malcolmmcswain
  • malcolmmcswain
What is a Logarithm? (A Tutorial)
Mathematics
  • Stacey Warren - Expert brainly.com
Hey! We 've verified this expert answer for you, click below to unlock the details :)
SOLVED
At vero eos et accusamus et iusto odio dignissimos ducimus qui blanditiis praesentium voluptatum deleniti atque corrupti quos dolores et quas molestias excepturi sint occaecati cupiditate non provident, similique sunt in culpa qui officia deserunt mollitia animi, id est laborum et dolorum fuga. Et harum quidem rerum facilis est et expedita distinctio. Nam libero tempore, cum soluta nobis est eligendi optio cumque nihil impedit quo minus id quod maxime placeat facere possimus, omnis voluptas assumenda est, omnis dolor repellendus. Itaque earum rerum hic tenetur a sapiente delectus, ut aut reiciendis voluptatibus maiores alias consequatur aut perferendis doloribus asperiores repellat.
chestercat
  • chestercat
I got my questions answered at brainly.com in under 10 minutes. Go to brainly.com now for free help!
malcolmmcswain
  • malcolmmcswain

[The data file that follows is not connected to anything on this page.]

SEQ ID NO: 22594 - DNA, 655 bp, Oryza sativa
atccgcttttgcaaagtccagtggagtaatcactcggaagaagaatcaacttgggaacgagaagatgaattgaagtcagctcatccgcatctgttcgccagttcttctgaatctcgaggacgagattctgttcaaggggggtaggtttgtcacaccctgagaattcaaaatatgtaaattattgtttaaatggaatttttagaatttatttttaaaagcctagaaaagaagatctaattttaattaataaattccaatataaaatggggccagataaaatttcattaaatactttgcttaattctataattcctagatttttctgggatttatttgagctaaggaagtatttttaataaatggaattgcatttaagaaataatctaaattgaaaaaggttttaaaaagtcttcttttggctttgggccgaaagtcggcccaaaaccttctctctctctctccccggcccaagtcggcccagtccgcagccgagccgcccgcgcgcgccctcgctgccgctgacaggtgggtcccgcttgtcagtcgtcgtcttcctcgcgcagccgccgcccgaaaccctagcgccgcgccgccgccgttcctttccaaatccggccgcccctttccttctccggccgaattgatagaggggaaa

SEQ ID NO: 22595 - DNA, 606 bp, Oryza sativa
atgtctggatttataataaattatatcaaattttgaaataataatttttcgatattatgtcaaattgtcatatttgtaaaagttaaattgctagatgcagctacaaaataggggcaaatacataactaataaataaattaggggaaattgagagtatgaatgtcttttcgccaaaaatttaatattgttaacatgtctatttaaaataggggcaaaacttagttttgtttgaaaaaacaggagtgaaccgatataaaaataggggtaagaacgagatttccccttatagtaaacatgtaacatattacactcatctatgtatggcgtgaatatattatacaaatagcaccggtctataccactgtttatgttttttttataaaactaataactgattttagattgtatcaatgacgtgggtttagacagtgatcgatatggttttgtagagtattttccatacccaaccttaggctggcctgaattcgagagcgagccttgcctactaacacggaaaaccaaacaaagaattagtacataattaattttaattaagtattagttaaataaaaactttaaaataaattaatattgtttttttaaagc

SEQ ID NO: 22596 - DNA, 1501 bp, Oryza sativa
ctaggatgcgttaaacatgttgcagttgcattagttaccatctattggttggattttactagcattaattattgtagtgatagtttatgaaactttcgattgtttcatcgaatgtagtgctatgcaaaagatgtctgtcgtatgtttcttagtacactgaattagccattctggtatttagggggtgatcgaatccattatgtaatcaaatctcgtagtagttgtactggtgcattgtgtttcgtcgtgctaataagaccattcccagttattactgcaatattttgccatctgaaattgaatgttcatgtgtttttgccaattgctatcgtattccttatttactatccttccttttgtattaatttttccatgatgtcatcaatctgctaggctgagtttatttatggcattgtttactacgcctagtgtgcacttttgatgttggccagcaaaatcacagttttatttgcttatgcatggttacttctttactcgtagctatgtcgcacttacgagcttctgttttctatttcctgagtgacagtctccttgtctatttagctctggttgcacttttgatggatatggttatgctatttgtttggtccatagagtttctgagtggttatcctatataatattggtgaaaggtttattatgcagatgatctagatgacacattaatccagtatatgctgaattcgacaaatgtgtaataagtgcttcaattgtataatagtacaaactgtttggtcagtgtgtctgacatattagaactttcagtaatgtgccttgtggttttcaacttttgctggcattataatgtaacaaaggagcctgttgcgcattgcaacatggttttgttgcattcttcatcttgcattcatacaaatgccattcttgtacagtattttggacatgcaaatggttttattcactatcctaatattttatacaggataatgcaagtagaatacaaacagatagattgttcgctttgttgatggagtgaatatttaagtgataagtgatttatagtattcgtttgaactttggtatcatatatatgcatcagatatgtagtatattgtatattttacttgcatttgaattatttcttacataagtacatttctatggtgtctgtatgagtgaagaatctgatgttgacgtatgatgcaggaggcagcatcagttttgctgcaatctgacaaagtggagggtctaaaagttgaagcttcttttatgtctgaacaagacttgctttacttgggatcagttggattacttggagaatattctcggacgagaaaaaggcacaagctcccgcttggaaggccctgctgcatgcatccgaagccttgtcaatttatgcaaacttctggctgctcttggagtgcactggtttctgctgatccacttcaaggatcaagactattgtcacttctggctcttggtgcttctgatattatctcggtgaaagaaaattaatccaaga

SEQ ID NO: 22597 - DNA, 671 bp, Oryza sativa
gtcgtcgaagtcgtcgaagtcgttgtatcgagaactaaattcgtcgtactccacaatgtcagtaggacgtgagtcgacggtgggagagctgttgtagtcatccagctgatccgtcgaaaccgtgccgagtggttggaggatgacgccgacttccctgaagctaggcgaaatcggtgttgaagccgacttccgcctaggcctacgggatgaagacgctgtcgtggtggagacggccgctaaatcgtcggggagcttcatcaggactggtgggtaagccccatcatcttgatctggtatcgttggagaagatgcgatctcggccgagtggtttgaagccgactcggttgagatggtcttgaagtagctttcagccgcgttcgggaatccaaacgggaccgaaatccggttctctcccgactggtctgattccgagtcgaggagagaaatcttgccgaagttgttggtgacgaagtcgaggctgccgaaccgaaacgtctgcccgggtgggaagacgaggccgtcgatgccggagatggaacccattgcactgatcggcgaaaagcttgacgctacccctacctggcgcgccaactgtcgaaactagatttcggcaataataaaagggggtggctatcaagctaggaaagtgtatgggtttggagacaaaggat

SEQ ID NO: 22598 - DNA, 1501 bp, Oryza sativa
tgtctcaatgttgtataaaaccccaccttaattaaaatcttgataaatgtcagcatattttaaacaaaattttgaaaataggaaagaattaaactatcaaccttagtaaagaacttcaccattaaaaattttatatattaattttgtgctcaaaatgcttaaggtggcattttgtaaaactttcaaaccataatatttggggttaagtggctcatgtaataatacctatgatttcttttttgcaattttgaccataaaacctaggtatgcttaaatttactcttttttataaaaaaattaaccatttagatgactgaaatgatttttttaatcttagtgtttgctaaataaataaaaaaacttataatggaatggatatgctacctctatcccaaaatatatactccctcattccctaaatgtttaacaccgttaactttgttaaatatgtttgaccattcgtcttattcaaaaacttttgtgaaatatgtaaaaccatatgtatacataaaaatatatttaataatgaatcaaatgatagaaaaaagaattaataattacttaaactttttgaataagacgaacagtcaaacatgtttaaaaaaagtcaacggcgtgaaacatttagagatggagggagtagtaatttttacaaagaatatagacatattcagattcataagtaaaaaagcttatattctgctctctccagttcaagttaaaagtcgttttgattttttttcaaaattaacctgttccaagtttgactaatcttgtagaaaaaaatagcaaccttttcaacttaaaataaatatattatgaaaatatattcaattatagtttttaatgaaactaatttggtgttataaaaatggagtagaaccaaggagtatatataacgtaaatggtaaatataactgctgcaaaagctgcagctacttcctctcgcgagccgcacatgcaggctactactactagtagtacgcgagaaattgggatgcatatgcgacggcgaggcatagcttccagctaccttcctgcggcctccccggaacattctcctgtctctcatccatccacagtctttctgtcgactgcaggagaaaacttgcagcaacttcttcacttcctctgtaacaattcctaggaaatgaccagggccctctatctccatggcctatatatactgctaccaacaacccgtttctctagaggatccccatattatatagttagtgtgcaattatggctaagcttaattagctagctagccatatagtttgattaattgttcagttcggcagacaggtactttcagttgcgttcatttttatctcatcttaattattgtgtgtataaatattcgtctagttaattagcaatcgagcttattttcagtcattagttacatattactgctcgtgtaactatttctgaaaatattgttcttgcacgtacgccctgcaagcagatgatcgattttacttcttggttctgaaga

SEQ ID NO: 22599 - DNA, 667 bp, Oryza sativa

What is a logarithm? A logarithm is, simply put, how to find how many times you have to multiply one number by itself to get another number. Here’s an example. How many times do you have to multiply 3 by itself to get 81? \[3*3*3*3=81\] Therefore, \[\log_{3}(81)=4 \] Let’s dissect this expression a bit. \[\log_{3}\] The little 3 after the log, called the base, is the number you have to multiply by itself. So, \[\log_{2}\] is how many times you have to multiply 2 by itself to get another number. We put the other number that we are trying to solve for in parentheses like this: \[\log_{2}(64)\] So, this just means, “How many times we have to multiply 2 by itself to get 64?”, and the answer to that is 6, because \[2*2*2*2*2*2=64\] So, \[\log_{2}(64)=6\] Another way we can look at this is in exponential terms. One way to rephrase the expression \[\log_{9}(59,049)\] is “What power do we have to raise 9 to to get 59,049?” \[9^5=59,049\] So, \[\log_{9}(59,094)=5\] A more general way to quickly understand logarithms is to see the crossovers, illustrated below: |dw:1447171836116:dw| Logarithms can also be decimals: \[\log_{10}(50)=1.69897\] (approximately) because \[10^1.69897=50\] What about if we work backwards? How do we find the expression below? \[\log_{10}(0.001)\] Well, the only way to move backwards is to divide! \[1/10/10/10=0.001\] But, we didn’t multiply! Isn’t that breaking one of the rules of logarithms? Actually, \[10^-3=0.001\] So, \[\log_{10}(0.001)=-3\] There are also other ways to write logarithms, for example, common logarithms are written without a base. \[\log(1000)\] When you encounter a common logarithm, never fear, this just means the base is 10. These are used quite a bit because a base of 10 is actually very common. \[\log(1000) = \log_{10}(1000) = 3\] Another way to write logarithms are natural logarithms, which always have a base of e. (e = Euler’s number = 2.71828…) These are written using ln instead of log. \[\ln(54.598...) = \log_{e}(54.598...) = 4\]